About two years ago I started not just drinking, but truly enjoying wine. A year ago I decided I didn’t want to feel completely clueless in the wine store anymore and wanted to drink something other than Fat Cat Cabernet from Trader Joe’s, so I started trying to learn about wine in earnest. By “learning about it” what I mostly mean is drinking a lot of it while paying close attention to what makes one wine different from another.
The technical term for this in respectable wine circles would be “tasting.” However, most “respectable” tastings also involve a lot of spitting—people will take a sip of the wine they’re trying, swirl it around in their mouth as though they’re pretending it’s mouthwash, and spit it out. Call me unsophisticated, but I strongly favor the tasting and the drinking, so needless to say, those are not the kinds of tastings I tend to go to. But I digress.
Other than going to tastings whenever I get the chance and dragging Scott along with me, we’ve gotten more adventurous in our wine purchasing habits. Rather than just wondering over to the Cab section by default, we make a point to avoid it in favor of trying different grapes. Sometimes we end up with a bottle we don’t like but it’s rare, and since we limit “Mystery Buys” to bottles under ten-ish bucks, it’s no huge loss.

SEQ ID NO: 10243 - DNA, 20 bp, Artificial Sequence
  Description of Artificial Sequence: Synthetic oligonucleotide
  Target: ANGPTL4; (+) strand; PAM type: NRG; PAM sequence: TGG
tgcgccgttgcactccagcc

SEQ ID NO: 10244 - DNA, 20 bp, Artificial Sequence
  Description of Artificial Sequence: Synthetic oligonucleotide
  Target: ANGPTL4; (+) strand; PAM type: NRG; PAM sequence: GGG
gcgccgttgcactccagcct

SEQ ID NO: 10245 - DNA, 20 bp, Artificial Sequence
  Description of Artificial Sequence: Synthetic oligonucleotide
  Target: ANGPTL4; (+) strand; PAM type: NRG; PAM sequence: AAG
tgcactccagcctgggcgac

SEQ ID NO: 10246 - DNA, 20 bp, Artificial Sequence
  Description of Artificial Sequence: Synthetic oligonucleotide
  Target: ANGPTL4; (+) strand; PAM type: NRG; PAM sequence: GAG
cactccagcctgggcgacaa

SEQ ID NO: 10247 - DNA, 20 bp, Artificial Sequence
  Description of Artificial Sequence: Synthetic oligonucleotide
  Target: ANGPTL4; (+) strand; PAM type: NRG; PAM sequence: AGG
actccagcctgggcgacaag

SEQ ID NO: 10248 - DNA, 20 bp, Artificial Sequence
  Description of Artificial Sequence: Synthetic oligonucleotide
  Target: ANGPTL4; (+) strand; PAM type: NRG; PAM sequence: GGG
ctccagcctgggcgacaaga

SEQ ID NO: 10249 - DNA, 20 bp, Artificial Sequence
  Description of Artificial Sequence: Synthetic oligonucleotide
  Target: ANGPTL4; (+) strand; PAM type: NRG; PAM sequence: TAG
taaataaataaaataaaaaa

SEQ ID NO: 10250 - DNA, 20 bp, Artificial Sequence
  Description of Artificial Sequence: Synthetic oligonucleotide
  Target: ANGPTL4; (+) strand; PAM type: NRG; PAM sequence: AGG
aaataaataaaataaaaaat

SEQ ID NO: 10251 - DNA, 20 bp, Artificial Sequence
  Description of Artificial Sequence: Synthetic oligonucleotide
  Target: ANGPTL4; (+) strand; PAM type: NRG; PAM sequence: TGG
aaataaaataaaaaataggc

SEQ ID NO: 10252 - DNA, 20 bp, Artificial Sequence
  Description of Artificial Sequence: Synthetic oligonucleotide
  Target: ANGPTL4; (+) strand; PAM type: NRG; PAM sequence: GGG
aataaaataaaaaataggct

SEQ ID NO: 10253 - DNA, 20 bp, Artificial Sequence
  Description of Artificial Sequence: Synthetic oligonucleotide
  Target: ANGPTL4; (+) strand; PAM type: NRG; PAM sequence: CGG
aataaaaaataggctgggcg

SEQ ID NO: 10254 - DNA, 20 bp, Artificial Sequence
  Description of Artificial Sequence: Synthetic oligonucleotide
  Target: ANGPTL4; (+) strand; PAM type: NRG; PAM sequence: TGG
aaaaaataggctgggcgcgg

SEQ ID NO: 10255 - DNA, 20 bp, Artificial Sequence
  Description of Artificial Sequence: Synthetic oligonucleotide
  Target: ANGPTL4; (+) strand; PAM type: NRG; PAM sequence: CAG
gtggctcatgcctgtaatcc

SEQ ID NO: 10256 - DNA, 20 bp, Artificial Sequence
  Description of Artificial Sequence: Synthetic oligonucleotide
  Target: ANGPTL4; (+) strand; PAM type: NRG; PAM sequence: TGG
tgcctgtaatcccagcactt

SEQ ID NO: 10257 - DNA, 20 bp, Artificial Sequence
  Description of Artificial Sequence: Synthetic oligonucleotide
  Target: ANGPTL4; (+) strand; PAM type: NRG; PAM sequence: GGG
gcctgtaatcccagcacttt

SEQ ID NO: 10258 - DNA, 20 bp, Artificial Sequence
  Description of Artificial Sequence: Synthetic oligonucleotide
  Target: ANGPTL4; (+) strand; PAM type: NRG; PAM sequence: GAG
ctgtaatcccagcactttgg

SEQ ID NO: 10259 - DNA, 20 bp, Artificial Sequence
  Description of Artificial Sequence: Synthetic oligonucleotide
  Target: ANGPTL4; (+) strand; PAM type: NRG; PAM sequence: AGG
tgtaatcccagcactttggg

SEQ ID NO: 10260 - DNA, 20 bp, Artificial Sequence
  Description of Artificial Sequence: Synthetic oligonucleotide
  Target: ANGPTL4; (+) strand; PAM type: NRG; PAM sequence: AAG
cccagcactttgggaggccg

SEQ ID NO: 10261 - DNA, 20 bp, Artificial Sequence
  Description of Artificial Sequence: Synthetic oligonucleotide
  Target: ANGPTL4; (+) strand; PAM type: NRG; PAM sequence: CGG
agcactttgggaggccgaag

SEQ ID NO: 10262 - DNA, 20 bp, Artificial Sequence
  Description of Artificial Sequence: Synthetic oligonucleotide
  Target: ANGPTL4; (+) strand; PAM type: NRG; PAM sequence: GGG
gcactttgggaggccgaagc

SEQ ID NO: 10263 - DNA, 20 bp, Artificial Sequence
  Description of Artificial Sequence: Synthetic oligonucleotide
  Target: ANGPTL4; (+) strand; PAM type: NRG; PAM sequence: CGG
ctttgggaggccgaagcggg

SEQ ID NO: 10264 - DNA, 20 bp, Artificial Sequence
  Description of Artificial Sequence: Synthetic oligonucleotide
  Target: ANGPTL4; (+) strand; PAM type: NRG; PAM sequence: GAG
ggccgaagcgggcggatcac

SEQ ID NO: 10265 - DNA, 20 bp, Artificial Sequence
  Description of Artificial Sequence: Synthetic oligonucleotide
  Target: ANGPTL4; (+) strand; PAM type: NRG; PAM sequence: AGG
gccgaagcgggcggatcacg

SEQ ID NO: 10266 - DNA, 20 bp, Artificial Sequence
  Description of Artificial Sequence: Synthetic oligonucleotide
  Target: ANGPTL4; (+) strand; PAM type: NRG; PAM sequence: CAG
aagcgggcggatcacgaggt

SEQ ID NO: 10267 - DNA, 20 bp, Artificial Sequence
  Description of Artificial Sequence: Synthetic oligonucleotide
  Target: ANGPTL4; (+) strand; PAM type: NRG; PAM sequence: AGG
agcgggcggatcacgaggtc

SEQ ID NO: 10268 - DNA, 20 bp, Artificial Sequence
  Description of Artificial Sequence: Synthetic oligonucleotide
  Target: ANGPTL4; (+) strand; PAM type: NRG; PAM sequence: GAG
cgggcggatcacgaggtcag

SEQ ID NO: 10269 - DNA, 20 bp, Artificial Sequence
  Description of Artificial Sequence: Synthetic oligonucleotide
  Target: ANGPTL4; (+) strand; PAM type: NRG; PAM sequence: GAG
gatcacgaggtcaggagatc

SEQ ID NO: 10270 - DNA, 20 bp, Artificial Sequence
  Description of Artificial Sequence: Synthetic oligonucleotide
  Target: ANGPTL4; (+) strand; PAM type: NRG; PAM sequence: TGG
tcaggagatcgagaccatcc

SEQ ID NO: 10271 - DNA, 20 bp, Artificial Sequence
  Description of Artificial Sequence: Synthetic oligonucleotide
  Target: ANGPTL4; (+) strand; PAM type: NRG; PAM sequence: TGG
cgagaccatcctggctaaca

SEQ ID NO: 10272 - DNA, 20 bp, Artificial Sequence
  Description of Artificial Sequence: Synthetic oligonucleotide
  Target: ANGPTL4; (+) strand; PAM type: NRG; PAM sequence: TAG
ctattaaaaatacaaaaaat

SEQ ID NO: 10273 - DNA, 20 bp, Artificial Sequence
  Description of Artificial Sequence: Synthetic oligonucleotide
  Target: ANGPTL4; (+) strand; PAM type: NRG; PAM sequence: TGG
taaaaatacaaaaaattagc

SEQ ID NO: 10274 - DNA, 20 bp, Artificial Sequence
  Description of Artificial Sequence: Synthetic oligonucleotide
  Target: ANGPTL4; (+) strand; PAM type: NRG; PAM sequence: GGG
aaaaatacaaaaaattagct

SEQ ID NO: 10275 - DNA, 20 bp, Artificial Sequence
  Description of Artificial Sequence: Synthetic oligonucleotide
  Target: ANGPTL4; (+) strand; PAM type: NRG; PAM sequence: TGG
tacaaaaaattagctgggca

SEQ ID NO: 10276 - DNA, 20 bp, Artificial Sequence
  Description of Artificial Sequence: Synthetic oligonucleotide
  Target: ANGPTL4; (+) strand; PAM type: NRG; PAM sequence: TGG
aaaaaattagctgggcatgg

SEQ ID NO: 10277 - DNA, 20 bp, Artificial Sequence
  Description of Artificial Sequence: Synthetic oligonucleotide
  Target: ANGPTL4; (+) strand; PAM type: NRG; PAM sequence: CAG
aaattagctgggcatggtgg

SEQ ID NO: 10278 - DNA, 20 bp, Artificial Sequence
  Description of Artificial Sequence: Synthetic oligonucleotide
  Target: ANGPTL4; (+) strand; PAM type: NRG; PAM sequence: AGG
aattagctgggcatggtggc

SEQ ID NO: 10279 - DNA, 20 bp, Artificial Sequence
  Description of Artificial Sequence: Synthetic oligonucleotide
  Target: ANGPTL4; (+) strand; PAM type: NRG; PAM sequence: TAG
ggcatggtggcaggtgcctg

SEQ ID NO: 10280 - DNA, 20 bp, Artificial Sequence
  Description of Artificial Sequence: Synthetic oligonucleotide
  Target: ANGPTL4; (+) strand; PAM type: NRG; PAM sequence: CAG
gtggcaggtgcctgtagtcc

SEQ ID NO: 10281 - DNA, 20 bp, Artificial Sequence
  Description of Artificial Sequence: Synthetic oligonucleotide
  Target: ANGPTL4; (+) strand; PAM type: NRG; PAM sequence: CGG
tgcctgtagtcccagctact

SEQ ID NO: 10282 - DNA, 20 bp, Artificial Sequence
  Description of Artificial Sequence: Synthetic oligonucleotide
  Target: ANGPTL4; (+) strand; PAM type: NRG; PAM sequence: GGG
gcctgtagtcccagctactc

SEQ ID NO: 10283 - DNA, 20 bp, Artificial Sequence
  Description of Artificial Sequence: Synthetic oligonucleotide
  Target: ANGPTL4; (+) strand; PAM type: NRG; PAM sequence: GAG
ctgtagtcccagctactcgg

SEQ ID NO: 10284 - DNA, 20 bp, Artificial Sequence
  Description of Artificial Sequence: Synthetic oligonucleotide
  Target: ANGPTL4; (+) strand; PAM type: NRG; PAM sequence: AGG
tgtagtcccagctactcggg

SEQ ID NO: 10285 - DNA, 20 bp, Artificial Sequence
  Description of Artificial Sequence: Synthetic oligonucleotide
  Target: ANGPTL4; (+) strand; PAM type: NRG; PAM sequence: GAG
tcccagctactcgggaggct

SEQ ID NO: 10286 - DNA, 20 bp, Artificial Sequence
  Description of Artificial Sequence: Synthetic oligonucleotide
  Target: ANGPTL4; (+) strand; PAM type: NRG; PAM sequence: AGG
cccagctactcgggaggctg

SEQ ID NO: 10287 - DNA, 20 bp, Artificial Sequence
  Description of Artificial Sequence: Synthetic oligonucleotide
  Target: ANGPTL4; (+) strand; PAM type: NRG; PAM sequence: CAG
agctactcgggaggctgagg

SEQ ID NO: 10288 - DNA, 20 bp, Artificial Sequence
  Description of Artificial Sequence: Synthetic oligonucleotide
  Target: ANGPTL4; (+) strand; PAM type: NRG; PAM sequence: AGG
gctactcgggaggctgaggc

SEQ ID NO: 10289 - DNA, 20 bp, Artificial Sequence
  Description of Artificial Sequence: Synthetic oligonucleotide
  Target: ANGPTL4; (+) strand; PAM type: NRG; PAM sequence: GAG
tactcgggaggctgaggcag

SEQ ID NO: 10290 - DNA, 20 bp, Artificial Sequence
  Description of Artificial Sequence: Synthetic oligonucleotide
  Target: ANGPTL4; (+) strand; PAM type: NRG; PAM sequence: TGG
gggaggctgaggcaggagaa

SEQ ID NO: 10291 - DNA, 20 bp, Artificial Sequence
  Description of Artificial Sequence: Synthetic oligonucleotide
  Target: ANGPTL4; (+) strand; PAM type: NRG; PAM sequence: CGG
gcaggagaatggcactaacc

Which brings me to a wine we discovered recently that started out as a Mystery Buy and has become a favorite: A•Mano Primitivo 2006. A•Mano is a husband-and-wife run vineyard in Italy’s Puglia region, one of that country’s largest grape growing areas. It’s conveniently located, for the geographically challenged like myself, on the heel of the boot. The Primitivo grape is essentially the Zinfandel grape’s Italian cousin and shares its deep color and bold fruity flavors.
Another thing I’ve learned about wine the more time I spend with it is that the food it’s paired with can really make the magic and completely change the way the wine tastes. In the case of the heavy berry flavors of the A•Mano Primitivo, it does well when it’s paired (the “respectable” way of saying “served with”) a dish with some Ka-Pow. A spicy Italian sausage risotto, strong cheeses, and even a spicy chili would compliment this wine nicely, and vice versa. The strong flavor of these kinds of foods balances out the strong flavor of the wine so neither drown the other one out. Instead they just play nice.
But don’t take my word for it—experiment on your own. Try the Primitivo from A•Mano vineyard as your own first Mystery Buy, take a cue from the spicy-pungent flavors I suggest to go with it, and see what happens. Wine, after all, is supposed to be fun, right? It’s also supposed to be a bit of a surprise in every bottle. It’s a little bit mysterious, which is part of what makes it so exciting—and seductive.